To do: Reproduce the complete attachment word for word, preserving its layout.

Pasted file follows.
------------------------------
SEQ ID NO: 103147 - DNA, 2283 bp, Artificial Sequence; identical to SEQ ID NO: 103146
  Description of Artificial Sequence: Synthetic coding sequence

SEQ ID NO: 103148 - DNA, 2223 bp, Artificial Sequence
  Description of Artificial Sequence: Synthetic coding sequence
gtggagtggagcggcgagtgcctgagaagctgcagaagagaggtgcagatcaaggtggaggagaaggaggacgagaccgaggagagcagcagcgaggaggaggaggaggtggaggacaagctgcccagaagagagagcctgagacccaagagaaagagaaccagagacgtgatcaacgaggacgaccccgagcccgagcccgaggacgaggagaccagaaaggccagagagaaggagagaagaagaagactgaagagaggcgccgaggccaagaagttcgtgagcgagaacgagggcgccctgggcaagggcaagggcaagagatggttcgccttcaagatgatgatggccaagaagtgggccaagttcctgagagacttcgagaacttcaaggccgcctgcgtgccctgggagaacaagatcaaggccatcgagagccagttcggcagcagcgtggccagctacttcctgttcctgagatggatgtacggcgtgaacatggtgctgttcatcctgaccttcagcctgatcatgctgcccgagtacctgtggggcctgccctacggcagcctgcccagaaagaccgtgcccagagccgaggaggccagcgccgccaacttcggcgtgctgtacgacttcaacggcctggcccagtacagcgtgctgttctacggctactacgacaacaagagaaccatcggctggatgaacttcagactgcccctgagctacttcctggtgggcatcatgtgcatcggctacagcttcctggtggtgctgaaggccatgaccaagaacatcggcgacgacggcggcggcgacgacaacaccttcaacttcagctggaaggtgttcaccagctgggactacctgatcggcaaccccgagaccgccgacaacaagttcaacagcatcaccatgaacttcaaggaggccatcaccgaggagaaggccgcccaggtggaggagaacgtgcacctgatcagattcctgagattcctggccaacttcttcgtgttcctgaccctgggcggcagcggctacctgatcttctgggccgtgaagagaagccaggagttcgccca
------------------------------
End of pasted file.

SEQ ID NO: 103147 - DNA, 2283 bp, Artificial Sequence; identical to SEQ ID NO: 103146
  Description of Artificial Sequence: Synthetic coding sequence

SEQ ID NO: 103148 - DNA, 2223 bp, Artificial Sequence
  Description of Artificial Sequence: Synthetic coding sequence
gtggagtggagcggcgagtgcctgagaagctgcagaagagaggtgcagatcaaggtggaggagaaggaggacgagaccgaggagagcagcagcgaggaggaggaggaggtggaggacaagctgcccagaagagagagcctgagacccaagagaaagagaaccagagacgtgatcaacgaggacgaccccgagcccgagcccgaggacgaggagaccagaaaggccagagagaaggagagaagaagaagactgaagagaggcgccgaggccaagaagttcgtgagcgagaacgagggcgccctgggcaagggcaagggcaagagatggttcgccttcaagatgatgatggccaagaagtgggccaagttcctgagagacttcgagaacttcaaggccgcctgcgtgccctgggagaacaagatcaaggccatcgagagccagttcggcagcagcgtggccagctacttcctgttcctgagatggatgtacggcgtgaacatggtgctgttcatcctgaccttcagcctgatcatgctgcccgagtacctgtggggcctgccctacggcagcctgcccagaaagaccgtgcccagagccgaggaggccagcgccgccaacttcggcgtgctgtacgacttcaacggcctggcccagtacagcgtgctgttctacggctactacgacaacaagagaaccatcggctggatgaacttcagactgcccctgagctacttcctggtgggcatcatgtgcatcggctacagcttcctggtggtgctgaaggccatgaccaagaacatcggcgacgacggcggcggcgacgacaacaccttcaacttcagctggaaggtgttcaccagctgggactacctgatcggcaaccccgagaccgccgacaacaagttcaacagcatcaccatgaacttcaaggaggccatcaccgaggagaaggccgcccaggtggaggagaacgtgcacctgatcagattcctgagattcctggccaacttcttcgtgttcctgaccctgggcggcagcggctacctgatcttctgggccgtgaagagaagccaggagttcgccca